March 4, 2014 |
We were just settling in the other evening for some utterly inoffensive television viewing (reruns of "The Big Bang Theory," if memory serves) when our living room was invaded by a zombie. Yes, it was Audrey Hepburn, dead these 21 years, digitally dug up from the grave and reanimated to shill for Dove chocolates . You may already have seen this commercial, which began running on Oscars night and is now moving into wider rotation. (Check it out at the bottom of this post.) Dove and the commercial producers are inordinately proud of their achievement.
February 24, 2014 |
Anthropologists and psychologists called it the "magical law of contagion," or the belief that a person's essence can be transmitted through objects they have touched. In the 1920s, anthropologist James Frazer suggested the belief was common to "savage and barbarous society. " But, in a study published Monday in the journal PNAS, Yale University researchers argue that such magical thinking is alive and well here in the United States. To prove their hypothesis, study authors analyzed several high-profile celebrity auctions: the estate of President John F. Kennedy and Jacqueline Onassis; the estate of actress Marilyn Monroe and the estate of convicted swindler Bernard Madoff and his wife Ruth Madoff.
CALIFORNIA | LOCAL
April 11, 2013 |
The Los Angeles Police Department announced Thursday that it would take the unusual step of no longer issuing press releases or immediately confirming instances of celebrity "swatting," saying intense media coverage seems to be fueling more incidents. Cmdr. Andrew Smith, who oversees the LAPD Media Relations Section, said the procedural change keeping celebrity swatting calls a secret, was necessary because of concerns about the privacy of the victims as well as the belief that publicizing such incidents targeting individual celebrities was emboldening copycats.
March 13, 2004
Re "Driving the Issues" (by Patrick Goldstein, March 9): What a sad state of affairs in this country if anyone listens to and seriously considers a cause just because some nimrod celebrity has an opinion on it. Celebrities are wrapped up in their self-importance, they love to be in front of a camera and they think the populace at large is so gullible that they will believe what they have to say just because they have a hyped-up name in the entertainment business....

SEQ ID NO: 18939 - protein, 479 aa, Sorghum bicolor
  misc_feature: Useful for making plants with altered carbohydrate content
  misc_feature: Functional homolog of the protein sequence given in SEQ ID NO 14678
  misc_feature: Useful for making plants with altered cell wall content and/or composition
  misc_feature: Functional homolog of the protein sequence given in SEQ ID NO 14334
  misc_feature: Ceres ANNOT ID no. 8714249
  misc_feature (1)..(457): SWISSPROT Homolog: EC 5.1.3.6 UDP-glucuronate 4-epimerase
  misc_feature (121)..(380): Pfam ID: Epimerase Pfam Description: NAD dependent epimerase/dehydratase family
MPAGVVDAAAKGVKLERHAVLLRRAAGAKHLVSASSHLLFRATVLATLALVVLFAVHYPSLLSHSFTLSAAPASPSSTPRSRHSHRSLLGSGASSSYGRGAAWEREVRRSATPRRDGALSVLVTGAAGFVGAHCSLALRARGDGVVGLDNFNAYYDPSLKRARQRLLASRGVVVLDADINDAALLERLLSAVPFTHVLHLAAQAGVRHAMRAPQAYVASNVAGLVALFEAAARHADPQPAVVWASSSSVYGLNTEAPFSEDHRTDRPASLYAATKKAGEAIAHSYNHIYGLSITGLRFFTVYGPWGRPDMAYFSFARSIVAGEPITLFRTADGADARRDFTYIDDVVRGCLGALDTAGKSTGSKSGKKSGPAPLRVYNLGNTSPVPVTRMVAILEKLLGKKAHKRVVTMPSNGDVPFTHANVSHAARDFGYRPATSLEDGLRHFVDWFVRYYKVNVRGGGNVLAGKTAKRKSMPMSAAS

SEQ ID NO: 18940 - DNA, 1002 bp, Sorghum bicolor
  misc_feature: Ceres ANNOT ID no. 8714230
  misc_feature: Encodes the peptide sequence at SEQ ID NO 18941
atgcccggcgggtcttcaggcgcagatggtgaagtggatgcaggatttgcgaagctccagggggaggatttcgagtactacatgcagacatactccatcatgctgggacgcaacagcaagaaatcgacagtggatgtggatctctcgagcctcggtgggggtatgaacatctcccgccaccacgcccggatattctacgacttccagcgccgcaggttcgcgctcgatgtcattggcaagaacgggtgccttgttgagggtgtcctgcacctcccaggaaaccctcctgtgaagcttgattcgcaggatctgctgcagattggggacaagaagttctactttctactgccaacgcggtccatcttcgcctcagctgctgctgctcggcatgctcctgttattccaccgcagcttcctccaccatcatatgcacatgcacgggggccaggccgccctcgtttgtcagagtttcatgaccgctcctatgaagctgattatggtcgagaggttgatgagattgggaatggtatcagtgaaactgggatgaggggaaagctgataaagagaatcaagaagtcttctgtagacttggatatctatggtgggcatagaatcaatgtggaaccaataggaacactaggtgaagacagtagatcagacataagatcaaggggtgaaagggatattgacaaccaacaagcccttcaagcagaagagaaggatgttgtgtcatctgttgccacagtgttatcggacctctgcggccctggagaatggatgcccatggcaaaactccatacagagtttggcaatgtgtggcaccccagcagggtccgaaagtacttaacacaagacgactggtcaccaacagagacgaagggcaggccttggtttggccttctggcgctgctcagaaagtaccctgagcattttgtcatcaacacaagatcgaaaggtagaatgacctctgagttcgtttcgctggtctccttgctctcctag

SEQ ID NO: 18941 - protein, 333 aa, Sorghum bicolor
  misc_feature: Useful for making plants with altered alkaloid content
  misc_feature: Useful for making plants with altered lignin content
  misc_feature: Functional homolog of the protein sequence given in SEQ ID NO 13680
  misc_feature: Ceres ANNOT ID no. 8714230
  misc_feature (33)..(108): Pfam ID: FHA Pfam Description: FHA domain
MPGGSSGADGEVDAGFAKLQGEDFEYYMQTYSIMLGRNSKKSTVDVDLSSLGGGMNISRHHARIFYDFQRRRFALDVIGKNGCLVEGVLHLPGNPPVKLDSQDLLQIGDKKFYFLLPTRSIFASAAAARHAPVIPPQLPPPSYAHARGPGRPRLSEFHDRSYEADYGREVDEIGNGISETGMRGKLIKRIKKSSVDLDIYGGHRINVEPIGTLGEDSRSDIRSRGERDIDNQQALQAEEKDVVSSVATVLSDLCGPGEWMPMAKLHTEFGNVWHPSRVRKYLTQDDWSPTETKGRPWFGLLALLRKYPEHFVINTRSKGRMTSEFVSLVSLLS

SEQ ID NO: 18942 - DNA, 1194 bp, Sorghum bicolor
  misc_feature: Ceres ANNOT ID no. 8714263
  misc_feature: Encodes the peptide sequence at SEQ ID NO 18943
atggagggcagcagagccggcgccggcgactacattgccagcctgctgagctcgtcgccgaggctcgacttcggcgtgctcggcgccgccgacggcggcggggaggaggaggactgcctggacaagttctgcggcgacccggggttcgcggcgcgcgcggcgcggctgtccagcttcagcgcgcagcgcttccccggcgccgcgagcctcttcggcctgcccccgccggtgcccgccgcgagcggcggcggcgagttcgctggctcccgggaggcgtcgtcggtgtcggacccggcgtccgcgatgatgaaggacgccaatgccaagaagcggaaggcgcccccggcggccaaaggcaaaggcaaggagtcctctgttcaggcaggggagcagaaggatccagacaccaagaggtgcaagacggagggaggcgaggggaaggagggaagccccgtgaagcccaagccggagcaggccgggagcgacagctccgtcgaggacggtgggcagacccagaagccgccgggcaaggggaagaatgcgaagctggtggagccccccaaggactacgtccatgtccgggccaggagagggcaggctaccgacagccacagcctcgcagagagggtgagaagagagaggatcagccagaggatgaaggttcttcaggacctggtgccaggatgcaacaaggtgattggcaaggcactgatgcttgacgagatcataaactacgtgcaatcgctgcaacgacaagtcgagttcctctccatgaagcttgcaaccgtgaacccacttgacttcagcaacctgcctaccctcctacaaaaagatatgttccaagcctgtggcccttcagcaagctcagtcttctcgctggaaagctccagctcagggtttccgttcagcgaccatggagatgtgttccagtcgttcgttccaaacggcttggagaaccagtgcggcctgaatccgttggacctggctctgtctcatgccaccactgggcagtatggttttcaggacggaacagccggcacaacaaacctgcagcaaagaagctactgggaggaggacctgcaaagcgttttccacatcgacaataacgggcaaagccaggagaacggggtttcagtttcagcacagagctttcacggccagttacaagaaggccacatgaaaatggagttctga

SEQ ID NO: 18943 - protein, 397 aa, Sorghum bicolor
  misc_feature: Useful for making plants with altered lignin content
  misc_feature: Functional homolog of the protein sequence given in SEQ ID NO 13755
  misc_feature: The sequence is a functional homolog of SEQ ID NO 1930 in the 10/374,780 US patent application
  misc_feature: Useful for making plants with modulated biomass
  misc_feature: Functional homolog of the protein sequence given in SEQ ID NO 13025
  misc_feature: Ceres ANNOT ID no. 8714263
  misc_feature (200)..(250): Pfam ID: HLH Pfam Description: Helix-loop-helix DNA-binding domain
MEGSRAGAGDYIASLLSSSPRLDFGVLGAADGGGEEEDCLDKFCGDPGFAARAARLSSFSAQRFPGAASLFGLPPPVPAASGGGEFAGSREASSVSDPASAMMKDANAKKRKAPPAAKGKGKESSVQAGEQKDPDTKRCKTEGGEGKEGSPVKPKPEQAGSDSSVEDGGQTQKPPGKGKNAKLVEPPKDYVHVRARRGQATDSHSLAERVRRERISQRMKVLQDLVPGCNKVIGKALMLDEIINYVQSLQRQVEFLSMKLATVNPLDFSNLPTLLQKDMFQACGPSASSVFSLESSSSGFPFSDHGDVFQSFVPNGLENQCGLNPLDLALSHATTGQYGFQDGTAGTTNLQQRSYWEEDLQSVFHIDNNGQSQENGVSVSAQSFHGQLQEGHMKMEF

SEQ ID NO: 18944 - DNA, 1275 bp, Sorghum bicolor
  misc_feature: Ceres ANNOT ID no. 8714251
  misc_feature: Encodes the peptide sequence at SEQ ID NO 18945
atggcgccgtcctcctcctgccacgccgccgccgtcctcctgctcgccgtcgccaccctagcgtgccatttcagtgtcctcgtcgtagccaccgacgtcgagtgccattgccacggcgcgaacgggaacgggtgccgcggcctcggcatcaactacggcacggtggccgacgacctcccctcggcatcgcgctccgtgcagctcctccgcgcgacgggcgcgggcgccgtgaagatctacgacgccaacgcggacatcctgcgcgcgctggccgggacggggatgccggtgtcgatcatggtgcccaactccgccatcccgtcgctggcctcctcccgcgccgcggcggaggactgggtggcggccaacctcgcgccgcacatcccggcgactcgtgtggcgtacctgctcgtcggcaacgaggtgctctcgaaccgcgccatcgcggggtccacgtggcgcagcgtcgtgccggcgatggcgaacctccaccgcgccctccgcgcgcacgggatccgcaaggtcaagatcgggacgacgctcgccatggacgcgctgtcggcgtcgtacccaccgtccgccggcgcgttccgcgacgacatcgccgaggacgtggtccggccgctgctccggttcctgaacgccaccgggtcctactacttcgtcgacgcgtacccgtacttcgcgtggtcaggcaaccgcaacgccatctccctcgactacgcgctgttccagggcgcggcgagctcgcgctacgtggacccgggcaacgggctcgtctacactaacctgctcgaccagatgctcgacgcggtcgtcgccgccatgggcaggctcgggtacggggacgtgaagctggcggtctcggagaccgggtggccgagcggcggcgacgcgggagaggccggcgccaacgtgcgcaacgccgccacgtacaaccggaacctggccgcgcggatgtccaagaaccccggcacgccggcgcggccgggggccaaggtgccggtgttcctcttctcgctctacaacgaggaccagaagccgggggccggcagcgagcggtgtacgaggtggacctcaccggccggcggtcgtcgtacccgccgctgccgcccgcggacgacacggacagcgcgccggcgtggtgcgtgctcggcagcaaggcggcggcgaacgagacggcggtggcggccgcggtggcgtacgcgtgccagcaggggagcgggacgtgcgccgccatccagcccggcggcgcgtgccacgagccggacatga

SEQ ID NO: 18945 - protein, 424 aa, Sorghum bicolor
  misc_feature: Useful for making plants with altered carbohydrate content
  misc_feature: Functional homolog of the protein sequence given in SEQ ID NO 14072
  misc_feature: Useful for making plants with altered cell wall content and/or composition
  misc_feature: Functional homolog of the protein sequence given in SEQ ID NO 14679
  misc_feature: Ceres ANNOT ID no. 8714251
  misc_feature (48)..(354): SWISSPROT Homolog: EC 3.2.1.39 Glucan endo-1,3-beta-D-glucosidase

March 26, 2012 |
On the cover of the current GQ, a beaming Drake strides confidently toward the reader, fit and fearless in a $3,100 Gucci suit and $1,590 Tom Ford shoes. Inside, the 25-year-old rapper greets the magazine's reporter poolside at his "lady-fantasy" (her words) compound in the San Fernando Valley. Writer Claire Hoffman gets Drake to reveal cover-worthy morsels about his womanizing (prodigious, now purportedly regretted), his fragile paternal ties and his Internet-fueled entree into the music world.
January 22, 2013 |
Same story, different celebrity: Chris Brown's house was the target Monday of an apparent "swatting" incident, in which police responded in force to a distress call that turned out to be fake. In this case, dispatchers were advised around 5 p.m. of a domestic violence situation - we're biting our tongue - in which the caller told police his parents were fighting and he wasn't sure if his mom had been shot, Los Angeles Police Department sources told L.A. Now and TMZ . When police arrived at the address, surprise, no gun, no fight, no nothing.